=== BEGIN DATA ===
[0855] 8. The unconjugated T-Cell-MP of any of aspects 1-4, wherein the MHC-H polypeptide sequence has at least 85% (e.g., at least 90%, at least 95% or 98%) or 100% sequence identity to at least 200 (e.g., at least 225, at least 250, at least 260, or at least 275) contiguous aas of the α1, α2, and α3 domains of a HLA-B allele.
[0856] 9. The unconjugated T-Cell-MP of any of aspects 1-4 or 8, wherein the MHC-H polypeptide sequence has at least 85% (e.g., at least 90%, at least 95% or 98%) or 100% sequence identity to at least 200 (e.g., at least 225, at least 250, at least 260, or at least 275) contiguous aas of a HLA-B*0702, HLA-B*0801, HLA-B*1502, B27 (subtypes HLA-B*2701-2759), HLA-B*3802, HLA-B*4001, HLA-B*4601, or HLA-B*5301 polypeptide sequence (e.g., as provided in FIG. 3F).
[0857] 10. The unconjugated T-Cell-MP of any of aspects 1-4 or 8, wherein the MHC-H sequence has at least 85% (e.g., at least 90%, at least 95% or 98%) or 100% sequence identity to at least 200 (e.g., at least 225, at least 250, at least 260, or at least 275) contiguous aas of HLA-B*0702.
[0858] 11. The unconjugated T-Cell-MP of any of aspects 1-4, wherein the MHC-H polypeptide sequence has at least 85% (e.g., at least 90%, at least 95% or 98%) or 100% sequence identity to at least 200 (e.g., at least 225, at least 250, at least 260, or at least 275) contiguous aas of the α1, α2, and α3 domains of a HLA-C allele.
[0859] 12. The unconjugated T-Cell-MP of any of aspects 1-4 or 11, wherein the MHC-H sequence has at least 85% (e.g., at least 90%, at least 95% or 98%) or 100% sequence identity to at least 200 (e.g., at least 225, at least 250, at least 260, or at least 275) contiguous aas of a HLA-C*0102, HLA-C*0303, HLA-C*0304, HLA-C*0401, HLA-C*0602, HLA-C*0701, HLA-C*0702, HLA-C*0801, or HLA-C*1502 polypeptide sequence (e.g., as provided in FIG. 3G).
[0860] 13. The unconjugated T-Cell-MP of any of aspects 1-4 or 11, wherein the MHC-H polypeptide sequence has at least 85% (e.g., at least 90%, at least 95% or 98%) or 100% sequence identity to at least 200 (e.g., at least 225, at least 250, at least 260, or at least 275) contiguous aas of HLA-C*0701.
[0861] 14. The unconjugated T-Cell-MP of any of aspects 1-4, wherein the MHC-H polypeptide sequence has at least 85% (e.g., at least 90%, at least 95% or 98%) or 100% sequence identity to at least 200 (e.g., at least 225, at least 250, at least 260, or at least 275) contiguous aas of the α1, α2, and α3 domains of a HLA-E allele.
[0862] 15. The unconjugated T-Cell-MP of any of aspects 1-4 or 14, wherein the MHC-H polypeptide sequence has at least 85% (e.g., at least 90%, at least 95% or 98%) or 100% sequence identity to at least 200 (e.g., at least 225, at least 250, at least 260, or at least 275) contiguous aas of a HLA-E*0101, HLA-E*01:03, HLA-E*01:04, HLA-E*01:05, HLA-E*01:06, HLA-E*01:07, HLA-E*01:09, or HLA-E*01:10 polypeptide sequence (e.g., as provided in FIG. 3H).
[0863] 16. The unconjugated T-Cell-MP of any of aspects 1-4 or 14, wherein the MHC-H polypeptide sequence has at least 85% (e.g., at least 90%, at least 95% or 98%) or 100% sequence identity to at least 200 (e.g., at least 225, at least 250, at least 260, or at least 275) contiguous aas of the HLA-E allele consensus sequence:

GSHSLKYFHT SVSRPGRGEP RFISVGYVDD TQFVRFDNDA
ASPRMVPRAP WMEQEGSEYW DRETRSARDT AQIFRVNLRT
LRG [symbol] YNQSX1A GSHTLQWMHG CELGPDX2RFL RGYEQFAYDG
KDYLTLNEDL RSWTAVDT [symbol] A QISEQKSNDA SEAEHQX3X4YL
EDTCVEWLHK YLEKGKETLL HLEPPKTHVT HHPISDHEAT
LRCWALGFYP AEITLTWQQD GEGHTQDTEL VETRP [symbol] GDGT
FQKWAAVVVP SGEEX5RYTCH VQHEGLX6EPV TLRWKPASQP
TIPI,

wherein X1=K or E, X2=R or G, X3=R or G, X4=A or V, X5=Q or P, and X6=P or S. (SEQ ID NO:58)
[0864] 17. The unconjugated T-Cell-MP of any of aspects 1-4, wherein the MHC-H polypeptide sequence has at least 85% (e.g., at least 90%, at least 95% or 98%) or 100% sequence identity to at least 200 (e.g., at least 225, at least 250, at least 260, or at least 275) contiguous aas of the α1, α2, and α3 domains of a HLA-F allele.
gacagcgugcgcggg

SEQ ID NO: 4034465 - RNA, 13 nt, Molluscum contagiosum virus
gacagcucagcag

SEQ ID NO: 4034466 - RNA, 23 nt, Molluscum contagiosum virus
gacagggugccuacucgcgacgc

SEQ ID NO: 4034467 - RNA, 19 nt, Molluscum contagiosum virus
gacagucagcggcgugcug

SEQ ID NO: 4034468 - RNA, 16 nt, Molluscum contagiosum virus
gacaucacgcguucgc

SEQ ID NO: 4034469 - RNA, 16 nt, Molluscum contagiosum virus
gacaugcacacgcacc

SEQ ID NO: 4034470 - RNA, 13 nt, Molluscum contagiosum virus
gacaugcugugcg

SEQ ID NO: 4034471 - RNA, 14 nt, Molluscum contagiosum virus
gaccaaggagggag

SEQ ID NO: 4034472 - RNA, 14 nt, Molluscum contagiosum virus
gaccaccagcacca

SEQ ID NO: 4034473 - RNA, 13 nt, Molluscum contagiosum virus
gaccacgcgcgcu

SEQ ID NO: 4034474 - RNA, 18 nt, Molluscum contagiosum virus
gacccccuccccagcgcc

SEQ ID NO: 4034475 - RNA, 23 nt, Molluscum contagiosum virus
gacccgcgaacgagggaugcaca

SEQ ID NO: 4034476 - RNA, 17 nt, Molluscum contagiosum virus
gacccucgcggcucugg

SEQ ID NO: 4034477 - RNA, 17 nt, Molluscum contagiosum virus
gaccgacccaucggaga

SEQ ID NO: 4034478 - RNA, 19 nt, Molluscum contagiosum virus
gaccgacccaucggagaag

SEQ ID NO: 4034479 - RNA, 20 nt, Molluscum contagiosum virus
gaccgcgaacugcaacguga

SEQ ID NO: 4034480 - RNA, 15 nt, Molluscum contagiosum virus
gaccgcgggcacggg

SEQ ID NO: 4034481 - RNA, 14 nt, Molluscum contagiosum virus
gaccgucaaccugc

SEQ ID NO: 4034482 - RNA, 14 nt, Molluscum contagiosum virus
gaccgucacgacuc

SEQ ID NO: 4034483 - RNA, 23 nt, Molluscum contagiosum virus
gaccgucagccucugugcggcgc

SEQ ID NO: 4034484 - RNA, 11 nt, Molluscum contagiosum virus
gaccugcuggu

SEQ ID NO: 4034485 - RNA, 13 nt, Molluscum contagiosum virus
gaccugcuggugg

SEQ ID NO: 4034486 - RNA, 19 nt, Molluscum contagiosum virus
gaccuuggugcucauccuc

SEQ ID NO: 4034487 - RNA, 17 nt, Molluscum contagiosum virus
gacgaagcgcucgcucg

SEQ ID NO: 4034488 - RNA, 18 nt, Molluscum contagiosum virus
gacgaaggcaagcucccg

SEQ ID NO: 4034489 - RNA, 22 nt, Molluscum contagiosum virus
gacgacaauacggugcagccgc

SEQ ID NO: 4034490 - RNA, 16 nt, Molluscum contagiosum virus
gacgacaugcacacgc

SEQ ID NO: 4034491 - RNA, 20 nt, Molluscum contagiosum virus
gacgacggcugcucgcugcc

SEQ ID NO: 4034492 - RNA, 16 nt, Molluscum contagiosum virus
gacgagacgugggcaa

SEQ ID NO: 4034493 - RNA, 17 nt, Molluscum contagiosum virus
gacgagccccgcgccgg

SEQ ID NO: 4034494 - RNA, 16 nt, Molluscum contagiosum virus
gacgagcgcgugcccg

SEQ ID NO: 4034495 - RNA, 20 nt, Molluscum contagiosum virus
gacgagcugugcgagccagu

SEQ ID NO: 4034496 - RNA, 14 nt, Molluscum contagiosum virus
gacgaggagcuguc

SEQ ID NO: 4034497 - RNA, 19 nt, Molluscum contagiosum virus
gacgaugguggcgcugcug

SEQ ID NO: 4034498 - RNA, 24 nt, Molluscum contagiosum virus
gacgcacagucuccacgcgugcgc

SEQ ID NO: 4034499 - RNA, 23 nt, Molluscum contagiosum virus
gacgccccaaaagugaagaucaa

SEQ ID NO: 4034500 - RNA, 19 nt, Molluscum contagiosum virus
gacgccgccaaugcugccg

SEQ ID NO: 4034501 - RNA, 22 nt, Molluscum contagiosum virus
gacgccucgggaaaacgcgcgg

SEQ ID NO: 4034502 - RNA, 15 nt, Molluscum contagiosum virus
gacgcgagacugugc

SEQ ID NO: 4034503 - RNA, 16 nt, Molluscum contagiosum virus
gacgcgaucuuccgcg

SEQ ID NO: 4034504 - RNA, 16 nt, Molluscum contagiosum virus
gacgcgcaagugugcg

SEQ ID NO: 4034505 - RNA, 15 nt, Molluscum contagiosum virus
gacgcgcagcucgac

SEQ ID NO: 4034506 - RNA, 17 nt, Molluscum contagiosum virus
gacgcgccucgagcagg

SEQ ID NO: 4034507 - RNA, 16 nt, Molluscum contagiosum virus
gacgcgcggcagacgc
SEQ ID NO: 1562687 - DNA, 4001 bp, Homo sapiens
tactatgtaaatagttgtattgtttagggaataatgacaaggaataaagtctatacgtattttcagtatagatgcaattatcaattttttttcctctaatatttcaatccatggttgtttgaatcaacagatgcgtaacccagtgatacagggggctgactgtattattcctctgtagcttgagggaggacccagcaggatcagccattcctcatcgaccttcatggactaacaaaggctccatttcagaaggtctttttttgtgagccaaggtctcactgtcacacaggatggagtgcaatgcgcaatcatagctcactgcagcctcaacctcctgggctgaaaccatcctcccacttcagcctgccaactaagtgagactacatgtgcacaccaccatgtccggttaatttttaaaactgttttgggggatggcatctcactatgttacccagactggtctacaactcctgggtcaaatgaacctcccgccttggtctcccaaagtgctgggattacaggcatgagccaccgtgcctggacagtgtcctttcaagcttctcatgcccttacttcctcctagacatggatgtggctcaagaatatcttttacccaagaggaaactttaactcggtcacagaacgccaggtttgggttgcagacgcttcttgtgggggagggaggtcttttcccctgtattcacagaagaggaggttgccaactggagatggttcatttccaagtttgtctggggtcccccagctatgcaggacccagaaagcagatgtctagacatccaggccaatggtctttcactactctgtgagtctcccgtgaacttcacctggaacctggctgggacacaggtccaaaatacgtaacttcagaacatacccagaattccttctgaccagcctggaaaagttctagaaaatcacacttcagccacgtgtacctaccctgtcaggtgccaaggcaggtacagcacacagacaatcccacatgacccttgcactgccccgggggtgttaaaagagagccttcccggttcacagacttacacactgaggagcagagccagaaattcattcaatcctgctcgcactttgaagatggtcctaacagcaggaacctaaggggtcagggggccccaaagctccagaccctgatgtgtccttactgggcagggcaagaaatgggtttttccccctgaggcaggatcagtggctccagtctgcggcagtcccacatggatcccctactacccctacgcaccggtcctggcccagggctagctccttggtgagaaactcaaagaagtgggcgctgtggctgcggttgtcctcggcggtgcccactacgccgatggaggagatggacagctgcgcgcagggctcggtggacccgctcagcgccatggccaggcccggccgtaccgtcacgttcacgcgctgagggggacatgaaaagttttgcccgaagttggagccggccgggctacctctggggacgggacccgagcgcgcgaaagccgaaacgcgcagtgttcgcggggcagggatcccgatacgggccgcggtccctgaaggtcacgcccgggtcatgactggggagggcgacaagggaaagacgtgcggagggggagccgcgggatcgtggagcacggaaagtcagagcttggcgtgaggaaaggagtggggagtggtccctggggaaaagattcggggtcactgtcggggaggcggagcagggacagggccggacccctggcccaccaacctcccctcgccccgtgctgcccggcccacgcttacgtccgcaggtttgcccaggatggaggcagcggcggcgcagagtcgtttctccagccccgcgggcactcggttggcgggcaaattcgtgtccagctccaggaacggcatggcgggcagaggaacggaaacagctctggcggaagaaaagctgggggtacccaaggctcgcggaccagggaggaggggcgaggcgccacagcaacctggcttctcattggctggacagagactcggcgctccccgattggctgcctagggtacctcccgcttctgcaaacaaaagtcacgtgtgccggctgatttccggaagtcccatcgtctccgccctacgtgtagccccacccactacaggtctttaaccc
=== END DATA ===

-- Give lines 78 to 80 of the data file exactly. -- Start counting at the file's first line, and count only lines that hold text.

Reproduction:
gacgagccccgcgccgg

SEQ ID NO: 4034494 - RNA, 16 nt, Molluscum contagiosum virus
gacgagcgcgugcccg